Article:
Earlier this month we were talking about how to spot the signs of stress. Of course, this is vitally important – if you can’t recognise that you’re suffering from stress, you have no chance of doing anything about it. However, would you know what to do to help alleviate your symptoms, once you do know that stress is your problem?
As with the causes of stress, and indeed the way we react to stress there are also many different ways of dealing with stress. Some may work for some people, whilst others are no help at all. Equally, some suggestions may be of no use in one situation, but might be ideal for the same person in a different situation. The key here is to realise that there are lots of different options available to you, some of which you may not have previously considered, but might be worth considering.
Take time out for a massage
For a large number of people, a massage is the ultimate when it comes to stress-free activities. The same could be true of a manicure, facial or any number of beauty treatments.
The important thing here is not the activity itself, but simply finding something for you that you regard as being an opportunity to unwind and recharge. That might be reading a book in a library or café for an hour, a session of Reiki, or, if you are a more active re-charger, going for a run in the woods or a swim at the local pool.
Find something that you both enjoy, but that has nothing to do with the stressor you are currently experiencing. Just as importantly, make sure you can’t be disturbed – this is YOUR time, and you must protect it fiercely.
Do some exercise
We’ve already mentioned that some people are more active rechargers, and therefore the idea of a run, swim or cycle is likely to be more automatically appealing. However, even if you are more couch potato (no judgment at all from us, we are all huge fans of our sofas) than Mo Farrah, there are a huge array of physical benefits to exercise. Many of these will have a positive impact on your ability to fight physical and mental disease.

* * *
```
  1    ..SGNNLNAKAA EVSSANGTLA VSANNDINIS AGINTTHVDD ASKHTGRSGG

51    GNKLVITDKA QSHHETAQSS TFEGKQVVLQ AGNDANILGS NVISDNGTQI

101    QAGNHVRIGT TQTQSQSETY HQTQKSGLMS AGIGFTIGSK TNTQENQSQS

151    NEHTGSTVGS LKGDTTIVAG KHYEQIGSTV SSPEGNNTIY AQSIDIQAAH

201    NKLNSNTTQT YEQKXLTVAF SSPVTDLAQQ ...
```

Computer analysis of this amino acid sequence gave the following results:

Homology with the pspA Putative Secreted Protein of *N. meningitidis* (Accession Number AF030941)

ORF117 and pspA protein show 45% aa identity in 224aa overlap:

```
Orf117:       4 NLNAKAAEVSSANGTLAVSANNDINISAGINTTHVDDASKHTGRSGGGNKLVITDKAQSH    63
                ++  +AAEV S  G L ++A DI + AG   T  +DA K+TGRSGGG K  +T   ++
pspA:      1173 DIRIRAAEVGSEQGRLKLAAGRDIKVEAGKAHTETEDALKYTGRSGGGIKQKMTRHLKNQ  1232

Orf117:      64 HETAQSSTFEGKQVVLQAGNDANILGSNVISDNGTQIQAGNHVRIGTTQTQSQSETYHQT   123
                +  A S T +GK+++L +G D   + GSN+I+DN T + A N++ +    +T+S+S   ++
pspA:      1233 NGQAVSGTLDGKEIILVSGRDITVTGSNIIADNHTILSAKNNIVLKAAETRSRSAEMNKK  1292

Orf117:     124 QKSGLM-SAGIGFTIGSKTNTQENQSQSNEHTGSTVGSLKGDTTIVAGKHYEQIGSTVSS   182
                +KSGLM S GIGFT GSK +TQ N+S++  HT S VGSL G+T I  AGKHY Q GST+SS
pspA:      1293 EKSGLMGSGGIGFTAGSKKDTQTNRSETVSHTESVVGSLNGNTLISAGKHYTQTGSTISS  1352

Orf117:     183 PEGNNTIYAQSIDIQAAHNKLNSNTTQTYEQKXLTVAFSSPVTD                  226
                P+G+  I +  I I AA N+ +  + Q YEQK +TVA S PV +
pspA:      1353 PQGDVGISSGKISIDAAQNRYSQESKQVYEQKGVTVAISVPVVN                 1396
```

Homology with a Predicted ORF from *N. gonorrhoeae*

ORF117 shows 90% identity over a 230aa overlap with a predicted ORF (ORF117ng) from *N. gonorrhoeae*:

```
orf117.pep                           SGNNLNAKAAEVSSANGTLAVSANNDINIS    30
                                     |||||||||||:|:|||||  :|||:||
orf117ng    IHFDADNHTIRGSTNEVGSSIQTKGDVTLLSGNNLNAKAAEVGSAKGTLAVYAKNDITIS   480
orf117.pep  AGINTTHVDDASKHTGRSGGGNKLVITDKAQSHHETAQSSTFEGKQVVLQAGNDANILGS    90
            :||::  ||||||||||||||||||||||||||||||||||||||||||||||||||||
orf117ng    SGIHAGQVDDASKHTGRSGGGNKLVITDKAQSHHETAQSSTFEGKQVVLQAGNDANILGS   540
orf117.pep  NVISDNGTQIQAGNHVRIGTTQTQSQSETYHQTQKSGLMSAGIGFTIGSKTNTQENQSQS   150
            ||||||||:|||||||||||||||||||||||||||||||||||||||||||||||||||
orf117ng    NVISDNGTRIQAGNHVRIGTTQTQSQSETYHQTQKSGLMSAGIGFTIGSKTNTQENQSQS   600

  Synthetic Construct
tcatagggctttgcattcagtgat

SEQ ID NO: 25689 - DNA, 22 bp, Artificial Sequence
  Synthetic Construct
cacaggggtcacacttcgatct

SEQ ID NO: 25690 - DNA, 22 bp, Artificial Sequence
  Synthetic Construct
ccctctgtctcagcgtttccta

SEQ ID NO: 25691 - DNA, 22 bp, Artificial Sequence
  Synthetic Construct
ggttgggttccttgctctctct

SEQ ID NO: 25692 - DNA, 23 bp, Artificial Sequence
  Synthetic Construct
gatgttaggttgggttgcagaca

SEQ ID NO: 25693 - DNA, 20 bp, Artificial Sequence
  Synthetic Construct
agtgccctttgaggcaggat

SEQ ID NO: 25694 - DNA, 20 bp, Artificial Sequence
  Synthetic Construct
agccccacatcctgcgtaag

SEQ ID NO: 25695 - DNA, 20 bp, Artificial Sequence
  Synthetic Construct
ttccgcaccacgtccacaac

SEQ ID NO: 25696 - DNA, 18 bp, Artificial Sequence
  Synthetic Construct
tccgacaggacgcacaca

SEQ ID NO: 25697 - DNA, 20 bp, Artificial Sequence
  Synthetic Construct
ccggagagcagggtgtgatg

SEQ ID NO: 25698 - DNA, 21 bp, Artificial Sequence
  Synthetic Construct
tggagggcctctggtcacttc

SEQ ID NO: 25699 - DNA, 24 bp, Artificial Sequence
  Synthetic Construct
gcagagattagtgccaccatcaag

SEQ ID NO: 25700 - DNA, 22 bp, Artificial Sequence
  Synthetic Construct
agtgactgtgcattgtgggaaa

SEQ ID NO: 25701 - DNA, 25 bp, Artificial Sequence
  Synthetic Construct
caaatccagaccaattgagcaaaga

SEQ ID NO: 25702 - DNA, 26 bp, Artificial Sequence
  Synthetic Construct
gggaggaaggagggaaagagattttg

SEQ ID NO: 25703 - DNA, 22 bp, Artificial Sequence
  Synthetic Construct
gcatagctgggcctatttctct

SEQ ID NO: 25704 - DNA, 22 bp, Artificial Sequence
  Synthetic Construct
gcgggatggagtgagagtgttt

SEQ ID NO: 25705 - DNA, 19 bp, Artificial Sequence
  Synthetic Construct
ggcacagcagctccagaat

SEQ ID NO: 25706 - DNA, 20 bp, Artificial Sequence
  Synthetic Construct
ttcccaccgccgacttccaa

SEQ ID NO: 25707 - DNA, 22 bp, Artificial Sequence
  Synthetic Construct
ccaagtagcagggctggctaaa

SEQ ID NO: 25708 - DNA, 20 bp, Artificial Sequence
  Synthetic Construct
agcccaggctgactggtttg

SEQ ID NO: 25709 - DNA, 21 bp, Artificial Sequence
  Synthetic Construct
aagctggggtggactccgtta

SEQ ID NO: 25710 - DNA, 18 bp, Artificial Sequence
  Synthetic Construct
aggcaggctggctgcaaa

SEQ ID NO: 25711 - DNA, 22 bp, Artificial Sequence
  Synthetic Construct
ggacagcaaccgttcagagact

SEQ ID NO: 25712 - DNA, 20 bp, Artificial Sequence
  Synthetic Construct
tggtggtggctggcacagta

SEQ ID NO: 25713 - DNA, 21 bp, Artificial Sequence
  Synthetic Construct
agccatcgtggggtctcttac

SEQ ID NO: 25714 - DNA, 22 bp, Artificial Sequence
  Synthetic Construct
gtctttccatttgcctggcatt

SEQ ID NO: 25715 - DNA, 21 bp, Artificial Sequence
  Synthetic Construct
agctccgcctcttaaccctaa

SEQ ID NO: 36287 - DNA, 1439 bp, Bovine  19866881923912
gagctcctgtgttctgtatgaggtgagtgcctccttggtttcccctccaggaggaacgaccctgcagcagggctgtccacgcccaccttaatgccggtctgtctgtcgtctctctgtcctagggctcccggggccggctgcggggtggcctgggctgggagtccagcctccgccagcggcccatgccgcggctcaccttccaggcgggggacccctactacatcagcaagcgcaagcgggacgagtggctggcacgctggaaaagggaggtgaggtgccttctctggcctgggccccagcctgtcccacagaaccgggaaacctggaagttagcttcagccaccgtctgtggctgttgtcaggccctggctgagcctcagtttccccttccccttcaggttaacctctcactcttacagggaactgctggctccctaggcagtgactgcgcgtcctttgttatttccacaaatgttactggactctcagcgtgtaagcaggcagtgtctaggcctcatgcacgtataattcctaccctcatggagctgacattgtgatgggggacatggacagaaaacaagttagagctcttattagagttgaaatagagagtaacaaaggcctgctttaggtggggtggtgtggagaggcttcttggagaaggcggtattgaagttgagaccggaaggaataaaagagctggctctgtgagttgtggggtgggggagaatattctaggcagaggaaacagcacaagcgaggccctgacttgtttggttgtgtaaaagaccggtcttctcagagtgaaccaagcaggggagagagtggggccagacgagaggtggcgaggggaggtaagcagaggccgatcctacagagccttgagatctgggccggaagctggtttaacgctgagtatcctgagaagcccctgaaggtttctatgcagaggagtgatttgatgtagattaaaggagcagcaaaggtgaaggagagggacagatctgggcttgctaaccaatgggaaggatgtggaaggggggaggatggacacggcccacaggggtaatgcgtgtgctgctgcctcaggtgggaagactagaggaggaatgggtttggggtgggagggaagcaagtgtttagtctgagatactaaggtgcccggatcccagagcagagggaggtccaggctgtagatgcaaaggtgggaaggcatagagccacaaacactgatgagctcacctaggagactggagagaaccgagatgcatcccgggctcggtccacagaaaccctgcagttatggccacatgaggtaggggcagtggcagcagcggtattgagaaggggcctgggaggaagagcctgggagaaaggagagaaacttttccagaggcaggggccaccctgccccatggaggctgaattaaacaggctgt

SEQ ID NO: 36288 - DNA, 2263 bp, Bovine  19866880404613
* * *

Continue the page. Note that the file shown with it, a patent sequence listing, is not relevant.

No matter what exercise you choose to do, the chances are you’re going to be so engrossed in the activity that you will have little choice as to whether or not you switch off. It will be automatic. Equally, exercise is going to release endorphins, the body’s natural mood enhancers, which will give you a natural buzz.
Finally, exercise will tire you out more than maintaining a more sedentary lifestyle. This means, if you are suffering from insomnia or sleep disruption, you have a far greater chance of not only falling asleep, but staying asleep naturally.
Who knows, you might even find yourself having fun!
If going for a jog is more exercise than you fancy contemplating right now, there’s always the option of breathing exercises. The reality is that we often take much shallower breaths than we need, or than we realise. This is especially true when we are experiencing periods of stress, or are feeling anxious.
Taking deep breaths, and attempting a variety of breathing exercises, is a great way to relieve stress, lower blood pressure and promote feelings of calm and relaxation. They can also have a positive influence on any respiratory problems you may be experiencing.
Again, this is by no means an exhaustive list when it comes to coping strategies and methods; however, join us again next week for more tips from the team at People Matters.
Remember, we are People Matters because YOUR people matter.